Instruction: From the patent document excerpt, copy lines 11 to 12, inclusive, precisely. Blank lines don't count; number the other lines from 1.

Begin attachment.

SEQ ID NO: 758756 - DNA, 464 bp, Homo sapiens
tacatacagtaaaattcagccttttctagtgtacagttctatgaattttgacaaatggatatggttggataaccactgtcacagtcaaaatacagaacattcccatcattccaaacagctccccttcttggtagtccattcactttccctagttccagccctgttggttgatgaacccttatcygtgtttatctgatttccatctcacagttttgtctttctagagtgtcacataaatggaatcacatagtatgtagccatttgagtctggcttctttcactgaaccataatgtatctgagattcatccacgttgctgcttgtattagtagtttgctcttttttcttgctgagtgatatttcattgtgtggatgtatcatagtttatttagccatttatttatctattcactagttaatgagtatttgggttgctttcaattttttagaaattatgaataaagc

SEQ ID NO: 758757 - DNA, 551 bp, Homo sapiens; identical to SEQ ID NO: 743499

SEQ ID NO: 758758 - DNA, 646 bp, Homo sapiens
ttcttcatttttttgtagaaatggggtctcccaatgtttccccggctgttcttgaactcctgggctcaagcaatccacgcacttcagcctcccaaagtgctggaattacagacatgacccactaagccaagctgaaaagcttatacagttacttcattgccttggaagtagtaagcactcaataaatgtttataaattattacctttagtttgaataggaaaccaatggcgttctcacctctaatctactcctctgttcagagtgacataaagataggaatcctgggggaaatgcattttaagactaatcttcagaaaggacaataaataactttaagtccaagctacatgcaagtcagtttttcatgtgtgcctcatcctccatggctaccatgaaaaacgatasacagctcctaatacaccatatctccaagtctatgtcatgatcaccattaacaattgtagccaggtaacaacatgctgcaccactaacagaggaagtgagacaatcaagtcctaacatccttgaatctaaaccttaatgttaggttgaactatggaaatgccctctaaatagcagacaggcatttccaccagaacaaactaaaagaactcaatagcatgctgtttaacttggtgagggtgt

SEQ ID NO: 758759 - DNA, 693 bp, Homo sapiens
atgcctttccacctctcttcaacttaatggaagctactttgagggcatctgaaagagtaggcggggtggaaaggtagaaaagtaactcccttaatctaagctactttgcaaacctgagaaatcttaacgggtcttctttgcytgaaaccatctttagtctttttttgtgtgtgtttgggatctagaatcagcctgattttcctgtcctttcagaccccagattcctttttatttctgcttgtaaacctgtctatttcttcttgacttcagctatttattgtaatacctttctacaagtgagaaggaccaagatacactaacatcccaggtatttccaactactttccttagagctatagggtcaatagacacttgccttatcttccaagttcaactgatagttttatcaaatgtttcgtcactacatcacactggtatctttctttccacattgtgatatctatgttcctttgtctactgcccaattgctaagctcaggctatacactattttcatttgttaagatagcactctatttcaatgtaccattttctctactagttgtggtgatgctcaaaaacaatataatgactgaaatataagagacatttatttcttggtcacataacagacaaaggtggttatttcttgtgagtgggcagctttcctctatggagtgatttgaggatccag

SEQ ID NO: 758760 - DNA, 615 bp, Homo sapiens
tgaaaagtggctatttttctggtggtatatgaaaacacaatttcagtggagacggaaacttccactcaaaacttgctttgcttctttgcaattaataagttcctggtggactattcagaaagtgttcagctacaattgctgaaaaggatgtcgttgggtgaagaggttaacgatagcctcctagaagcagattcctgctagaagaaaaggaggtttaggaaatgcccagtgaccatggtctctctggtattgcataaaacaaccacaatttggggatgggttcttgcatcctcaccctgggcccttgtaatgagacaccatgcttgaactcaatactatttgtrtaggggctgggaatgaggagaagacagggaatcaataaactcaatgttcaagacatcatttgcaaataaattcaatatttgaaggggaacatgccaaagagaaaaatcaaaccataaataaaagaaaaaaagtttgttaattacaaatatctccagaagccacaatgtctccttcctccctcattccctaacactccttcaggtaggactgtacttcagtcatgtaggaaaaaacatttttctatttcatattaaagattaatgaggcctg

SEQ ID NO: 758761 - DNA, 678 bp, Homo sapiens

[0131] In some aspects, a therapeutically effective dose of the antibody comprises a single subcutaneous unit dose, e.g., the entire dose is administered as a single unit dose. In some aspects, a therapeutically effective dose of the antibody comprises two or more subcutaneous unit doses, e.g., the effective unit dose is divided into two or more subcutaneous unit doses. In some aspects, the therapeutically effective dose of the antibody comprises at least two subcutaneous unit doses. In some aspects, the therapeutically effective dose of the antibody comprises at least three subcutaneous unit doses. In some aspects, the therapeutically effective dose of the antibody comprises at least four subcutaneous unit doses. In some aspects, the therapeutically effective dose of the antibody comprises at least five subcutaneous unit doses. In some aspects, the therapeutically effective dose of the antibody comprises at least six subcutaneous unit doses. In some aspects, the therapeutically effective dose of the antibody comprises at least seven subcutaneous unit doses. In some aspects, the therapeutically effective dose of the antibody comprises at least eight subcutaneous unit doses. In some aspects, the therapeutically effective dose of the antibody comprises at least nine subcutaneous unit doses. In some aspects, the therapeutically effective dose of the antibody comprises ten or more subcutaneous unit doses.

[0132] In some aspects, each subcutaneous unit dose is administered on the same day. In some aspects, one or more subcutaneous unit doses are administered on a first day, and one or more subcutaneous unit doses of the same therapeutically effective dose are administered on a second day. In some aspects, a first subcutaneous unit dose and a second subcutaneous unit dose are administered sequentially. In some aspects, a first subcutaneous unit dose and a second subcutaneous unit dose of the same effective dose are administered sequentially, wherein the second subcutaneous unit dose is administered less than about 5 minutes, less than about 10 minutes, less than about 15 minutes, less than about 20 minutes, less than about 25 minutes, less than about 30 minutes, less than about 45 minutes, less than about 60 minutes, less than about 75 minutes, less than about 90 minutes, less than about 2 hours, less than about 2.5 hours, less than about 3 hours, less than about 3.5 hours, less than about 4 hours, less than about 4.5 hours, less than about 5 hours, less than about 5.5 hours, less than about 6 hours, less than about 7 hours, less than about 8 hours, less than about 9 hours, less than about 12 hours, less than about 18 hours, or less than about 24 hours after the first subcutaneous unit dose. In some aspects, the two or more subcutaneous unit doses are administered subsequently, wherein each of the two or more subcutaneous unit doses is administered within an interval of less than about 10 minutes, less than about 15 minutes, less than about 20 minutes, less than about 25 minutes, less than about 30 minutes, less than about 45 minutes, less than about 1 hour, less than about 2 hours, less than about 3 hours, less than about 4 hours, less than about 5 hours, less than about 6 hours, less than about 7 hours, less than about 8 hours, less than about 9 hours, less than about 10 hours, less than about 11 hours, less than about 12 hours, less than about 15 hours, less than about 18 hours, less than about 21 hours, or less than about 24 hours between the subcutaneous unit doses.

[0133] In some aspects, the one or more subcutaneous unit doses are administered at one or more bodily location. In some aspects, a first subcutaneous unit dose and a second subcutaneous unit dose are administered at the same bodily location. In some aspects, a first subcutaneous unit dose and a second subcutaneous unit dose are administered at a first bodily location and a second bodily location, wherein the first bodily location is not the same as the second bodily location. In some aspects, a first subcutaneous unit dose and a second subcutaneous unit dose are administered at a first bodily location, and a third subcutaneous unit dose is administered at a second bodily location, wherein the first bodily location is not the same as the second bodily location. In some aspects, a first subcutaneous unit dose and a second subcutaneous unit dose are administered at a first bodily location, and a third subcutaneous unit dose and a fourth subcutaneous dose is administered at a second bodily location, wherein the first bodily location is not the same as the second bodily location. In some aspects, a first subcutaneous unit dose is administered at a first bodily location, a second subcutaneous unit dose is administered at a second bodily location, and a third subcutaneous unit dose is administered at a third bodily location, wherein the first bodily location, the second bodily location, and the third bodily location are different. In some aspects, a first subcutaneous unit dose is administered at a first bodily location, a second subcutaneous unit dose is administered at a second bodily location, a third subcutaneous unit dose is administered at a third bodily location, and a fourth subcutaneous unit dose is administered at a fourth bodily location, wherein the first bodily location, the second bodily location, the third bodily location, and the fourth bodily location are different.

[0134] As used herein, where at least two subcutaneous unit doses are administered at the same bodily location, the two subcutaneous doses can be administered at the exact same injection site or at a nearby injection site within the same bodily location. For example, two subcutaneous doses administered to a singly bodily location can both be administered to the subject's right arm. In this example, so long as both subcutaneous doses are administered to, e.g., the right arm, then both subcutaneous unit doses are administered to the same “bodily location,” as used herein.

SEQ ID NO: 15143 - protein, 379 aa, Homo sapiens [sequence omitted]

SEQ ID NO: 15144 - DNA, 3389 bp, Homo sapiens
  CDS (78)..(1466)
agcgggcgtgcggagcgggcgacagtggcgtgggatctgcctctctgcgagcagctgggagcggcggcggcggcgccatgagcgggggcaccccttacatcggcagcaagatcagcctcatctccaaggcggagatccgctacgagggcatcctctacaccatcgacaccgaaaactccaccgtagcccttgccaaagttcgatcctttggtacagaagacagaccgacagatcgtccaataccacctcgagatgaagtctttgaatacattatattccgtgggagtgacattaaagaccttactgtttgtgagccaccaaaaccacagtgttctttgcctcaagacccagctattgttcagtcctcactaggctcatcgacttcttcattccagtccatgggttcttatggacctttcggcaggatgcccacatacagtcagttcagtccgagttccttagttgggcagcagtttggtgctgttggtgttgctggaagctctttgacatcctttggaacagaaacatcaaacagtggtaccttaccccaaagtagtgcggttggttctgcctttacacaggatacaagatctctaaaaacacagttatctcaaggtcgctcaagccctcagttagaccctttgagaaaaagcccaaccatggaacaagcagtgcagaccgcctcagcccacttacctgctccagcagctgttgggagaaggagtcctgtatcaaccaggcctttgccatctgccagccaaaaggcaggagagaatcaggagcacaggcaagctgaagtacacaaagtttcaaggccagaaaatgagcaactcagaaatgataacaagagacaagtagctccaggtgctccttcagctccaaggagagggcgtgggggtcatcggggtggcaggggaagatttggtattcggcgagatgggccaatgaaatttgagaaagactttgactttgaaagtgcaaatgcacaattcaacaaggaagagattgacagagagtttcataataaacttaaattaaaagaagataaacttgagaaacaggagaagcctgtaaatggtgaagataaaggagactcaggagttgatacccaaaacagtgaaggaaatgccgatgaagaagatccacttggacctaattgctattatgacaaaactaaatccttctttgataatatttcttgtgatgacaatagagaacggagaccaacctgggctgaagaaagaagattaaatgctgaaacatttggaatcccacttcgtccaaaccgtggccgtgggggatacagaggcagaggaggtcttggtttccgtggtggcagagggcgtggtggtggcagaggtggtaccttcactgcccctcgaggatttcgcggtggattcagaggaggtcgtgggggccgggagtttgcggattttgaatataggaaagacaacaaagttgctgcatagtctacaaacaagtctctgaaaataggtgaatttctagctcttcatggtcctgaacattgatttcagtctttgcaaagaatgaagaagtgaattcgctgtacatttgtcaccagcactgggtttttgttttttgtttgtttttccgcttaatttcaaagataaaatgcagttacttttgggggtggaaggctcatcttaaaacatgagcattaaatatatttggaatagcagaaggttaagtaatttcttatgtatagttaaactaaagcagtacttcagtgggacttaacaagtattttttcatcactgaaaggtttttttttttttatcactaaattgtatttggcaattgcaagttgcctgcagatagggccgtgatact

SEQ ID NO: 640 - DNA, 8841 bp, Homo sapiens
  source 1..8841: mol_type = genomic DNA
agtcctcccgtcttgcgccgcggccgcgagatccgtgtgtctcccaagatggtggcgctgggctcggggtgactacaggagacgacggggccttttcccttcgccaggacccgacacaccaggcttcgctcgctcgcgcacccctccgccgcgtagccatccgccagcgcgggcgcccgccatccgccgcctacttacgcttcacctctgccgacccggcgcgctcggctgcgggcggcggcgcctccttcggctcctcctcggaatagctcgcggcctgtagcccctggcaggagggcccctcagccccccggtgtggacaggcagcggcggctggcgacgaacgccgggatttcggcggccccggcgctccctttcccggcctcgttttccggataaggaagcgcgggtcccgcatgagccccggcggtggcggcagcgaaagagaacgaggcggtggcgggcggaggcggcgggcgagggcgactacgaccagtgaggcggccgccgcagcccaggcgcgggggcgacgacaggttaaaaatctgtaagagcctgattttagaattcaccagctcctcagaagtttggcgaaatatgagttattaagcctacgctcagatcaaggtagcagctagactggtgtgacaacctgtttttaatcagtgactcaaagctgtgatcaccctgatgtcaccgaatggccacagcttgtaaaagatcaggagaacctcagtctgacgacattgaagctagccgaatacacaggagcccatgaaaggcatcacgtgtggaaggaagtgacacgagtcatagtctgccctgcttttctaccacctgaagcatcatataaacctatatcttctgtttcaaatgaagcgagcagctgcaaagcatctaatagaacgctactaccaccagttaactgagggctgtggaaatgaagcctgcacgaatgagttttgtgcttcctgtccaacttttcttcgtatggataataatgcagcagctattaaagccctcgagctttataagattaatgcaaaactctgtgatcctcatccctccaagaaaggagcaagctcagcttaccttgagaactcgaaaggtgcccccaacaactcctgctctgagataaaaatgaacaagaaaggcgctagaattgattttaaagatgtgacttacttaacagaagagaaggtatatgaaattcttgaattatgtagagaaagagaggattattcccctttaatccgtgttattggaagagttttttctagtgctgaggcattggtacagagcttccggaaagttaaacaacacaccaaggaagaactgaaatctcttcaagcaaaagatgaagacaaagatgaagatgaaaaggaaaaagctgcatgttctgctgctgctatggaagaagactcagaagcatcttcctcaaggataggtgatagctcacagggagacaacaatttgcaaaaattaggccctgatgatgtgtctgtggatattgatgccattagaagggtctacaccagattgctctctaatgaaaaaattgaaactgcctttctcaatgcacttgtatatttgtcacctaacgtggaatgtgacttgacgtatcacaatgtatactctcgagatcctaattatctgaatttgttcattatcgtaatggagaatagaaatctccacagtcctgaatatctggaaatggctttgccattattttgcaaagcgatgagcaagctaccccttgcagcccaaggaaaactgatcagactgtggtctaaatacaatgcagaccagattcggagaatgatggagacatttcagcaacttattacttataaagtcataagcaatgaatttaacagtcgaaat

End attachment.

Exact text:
[0131] In some aspects, a therapeutically effective dose of the antibody comprises a single subcutaneous unit dose, e.g., the entire dose is administered as a single unit dose. In some aspects, a therapeutically effective dose of the antibody comprises two or more subcutaneous unit doses, e.g., the effective unit dose is divided into two or more subcutaneous unit doses. In some aspects, the therapeutically effective dose of the antibody comprises at least two subcutaneous unit doses. In some aspects, the therapeutically effective dose of the antibody comprises at least three subcutaneous unit doses. In some aspects, the therapeutically effective dose of the antibody comprises at least four subcutaneous unit doses. In some aspects, the therapeutically effective dose of the antibody comprises at least five subcutaneous unit doses. In some aspects, the therapeutically effective dose of the antibody comprises at least six subcutaneous unit doses. In some aspects, the therapeutically effective dose of the antibody comprises at least seven subcutaneous unit doses. In some aspects, the therapeutically effective dose of the antibody comprises at least eight subcutaneous unit doses. In some aspects, the therapeutically effective dose of the antibody comprises at least nine subcutaneous unit doses. In some aspects, the therapeutically effective dose of the antibody comprises ten or more subcutaneous unit doses.

[0132] In some aspects, each subcutaneous unit dose is administered on the same day. In some aspects, one or more subcutaneous unit doses are administered on a first day, and one or more subcutaneous unit doses of the same therapeutically effective dose are administered on a second day. In some aspects, a first subcutaneous unit dose and a second subcutaneous unit dose are administered sequentially. In some aspects, a first subcutaneous unit dose and a second subcutaneous unit dose of the same effective dose are administered sequentially, wherein the second subcutaneous unit dose is administered less than about 5 minutes, less than about 10 minutes, less than about 15 minutes, less than about 20 minutes, less than about 25 minutes, less than about 30 minutes, less than about 45 minutes, less than about 60 minutes, less than about 75 minutes, less than about 90 minutes, less than about 2 hours, less than about 2.5 hours, less than about 3 hours, less than about 3.5 hours, less than about 4 hours, less than about 4.5 hours, less than about 5 hours, less than about 5.5 hours, less than about 6 hours, less than about 7 hours, less than about 8 hours, less than about 9 hours, less than about 12 hours, less than about 18 hours, or less than about 24 hours after the first subcutaneous unit dose. In some aspects, the two or more subcutaneous unit doses are administered subsequently, wherein each of the two or more subcutaneous unit doses is administered within an interval of less than about 10 minutes, less than about 15 minutes, less than about 20 minutes, less than about 25 minutes, less than about 30 minutes, less than about 45 minutes, less than about 1 hour, less than about 2 hours, less than about 3 hours, less than about 4 hours, less than about 5 hours, less than about 6 hours, less than about 7 hours, less than about 8 hours, less than about 9 hours, less than about 10 hours, less than about 11 hours, less than about 12 hours, less than about 15 hours, less than about 18 hours, less than about 21 hours, or less than about 24 hours between the subcutaneous unit doses.